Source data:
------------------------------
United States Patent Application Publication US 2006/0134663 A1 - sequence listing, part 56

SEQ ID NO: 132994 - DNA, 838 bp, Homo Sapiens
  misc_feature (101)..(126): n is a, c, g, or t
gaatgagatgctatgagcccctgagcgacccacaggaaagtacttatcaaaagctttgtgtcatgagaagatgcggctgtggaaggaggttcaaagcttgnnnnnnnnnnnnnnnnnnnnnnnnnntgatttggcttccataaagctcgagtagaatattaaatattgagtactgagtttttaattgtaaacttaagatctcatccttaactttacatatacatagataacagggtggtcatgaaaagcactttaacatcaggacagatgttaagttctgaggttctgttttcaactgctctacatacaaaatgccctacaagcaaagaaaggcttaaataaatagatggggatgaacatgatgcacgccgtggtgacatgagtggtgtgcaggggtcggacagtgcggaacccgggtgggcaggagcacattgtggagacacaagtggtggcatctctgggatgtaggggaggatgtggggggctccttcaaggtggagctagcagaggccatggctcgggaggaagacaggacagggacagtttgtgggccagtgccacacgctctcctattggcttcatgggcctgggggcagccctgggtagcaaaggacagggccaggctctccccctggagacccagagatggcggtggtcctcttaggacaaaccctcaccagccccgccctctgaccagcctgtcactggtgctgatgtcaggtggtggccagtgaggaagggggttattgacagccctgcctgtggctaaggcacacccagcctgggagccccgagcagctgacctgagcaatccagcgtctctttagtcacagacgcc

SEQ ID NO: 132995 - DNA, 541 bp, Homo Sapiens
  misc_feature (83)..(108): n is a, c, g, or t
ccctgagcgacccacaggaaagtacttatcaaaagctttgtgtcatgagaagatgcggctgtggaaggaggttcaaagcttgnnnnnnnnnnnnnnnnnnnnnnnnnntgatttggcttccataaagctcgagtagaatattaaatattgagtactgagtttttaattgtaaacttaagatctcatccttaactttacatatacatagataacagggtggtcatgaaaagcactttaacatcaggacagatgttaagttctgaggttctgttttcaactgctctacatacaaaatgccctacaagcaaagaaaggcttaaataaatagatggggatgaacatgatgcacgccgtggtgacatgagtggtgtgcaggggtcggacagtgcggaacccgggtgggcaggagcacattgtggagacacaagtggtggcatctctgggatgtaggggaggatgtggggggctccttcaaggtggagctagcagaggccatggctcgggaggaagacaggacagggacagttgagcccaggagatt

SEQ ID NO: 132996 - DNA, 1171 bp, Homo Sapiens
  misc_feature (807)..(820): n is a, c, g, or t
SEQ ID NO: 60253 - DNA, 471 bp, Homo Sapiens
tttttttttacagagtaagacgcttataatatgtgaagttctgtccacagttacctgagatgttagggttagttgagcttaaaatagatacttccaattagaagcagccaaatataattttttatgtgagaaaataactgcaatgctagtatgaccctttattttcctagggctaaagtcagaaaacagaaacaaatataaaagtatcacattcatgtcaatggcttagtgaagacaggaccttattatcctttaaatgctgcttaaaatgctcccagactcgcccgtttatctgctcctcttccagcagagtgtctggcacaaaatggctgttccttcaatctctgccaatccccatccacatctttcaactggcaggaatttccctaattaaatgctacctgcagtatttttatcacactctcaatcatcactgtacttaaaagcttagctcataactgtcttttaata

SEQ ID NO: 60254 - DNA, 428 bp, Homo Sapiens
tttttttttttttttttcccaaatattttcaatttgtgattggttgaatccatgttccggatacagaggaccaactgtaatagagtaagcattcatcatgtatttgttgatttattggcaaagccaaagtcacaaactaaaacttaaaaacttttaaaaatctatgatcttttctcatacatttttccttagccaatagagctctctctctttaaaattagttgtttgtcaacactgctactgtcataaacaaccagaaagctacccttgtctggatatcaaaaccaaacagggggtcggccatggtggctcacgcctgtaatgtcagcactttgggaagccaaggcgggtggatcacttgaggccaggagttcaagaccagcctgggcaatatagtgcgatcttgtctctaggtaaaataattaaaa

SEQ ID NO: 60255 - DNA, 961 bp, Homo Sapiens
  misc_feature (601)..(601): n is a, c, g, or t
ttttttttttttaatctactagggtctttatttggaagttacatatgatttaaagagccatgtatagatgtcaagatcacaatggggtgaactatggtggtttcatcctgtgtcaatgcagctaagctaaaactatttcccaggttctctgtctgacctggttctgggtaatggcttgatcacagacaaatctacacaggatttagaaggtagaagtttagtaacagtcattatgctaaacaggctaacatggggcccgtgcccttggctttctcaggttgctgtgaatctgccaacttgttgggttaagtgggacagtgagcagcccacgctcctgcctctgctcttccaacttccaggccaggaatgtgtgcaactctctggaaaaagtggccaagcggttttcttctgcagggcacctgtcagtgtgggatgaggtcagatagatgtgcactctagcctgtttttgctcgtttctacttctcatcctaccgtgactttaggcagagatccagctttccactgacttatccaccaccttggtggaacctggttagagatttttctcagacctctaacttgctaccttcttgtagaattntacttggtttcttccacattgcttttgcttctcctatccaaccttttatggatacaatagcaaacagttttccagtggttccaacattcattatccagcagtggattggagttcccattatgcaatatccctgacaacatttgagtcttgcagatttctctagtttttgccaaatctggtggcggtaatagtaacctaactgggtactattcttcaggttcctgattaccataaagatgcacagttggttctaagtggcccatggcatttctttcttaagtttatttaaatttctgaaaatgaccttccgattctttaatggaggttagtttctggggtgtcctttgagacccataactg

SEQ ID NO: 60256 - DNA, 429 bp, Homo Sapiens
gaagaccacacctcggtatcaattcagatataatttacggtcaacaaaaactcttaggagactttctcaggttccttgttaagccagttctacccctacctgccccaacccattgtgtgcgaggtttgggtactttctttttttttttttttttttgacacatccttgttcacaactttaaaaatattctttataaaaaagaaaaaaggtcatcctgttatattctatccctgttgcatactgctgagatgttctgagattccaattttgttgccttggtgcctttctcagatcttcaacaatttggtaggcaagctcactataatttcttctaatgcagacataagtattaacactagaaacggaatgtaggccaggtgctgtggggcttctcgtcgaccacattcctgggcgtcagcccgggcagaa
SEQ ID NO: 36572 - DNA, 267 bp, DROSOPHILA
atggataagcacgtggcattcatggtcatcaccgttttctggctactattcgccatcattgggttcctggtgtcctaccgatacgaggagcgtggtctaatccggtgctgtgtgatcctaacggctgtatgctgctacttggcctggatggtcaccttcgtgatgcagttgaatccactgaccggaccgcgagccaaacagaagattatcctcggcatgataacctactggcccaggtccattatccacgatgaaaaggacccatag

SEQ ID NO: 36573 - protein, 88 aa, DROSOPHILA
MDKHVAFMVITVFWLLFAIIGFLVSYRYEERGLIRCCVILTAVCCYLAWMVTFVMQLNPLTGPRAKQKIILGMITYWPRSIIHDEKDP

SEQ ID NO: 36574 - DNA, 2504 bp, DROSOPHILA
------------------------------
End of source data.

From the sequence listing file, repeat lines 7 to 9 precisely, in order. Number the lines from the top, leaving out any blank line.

ccctgagcgacccacaggaaagtacttatcaaaagctttgtgtcatgagaagatgcggctgtggaaggaggttcaaagcttgnnnnnnnnnnnnnnnnnnnnnnnnnntgatttggcttccataaagctcgagtagaatattaaatattgagtactgagtttttaattgtaaacttaagatctcatccttaactttacatatacatagataacagggtggtcatgaaaagcactttaacatcaggacagatgttaagttctgaggttctgttttcaactgctctacatacaaaatgccctacaagcaaagaaaggcttaaataaatagatggggatgaacatgatgcacgccgtggtgacatgagtggtgtgcaggggtcggacagtgcggaacccgggtgggcaggagcacattgtggagacacaagtggtggcatctctgggatgtaggggaggatgtggggggctccttcaaggtggagctagcagaggccatggctcgggaggaagacaggacagggacagttgagcccaggagatt

SEQ ID NO: 132996 - DNA, 1171 bp, Homo Sapiens
  misc_feature (807)..(820): n is a, c, g, or t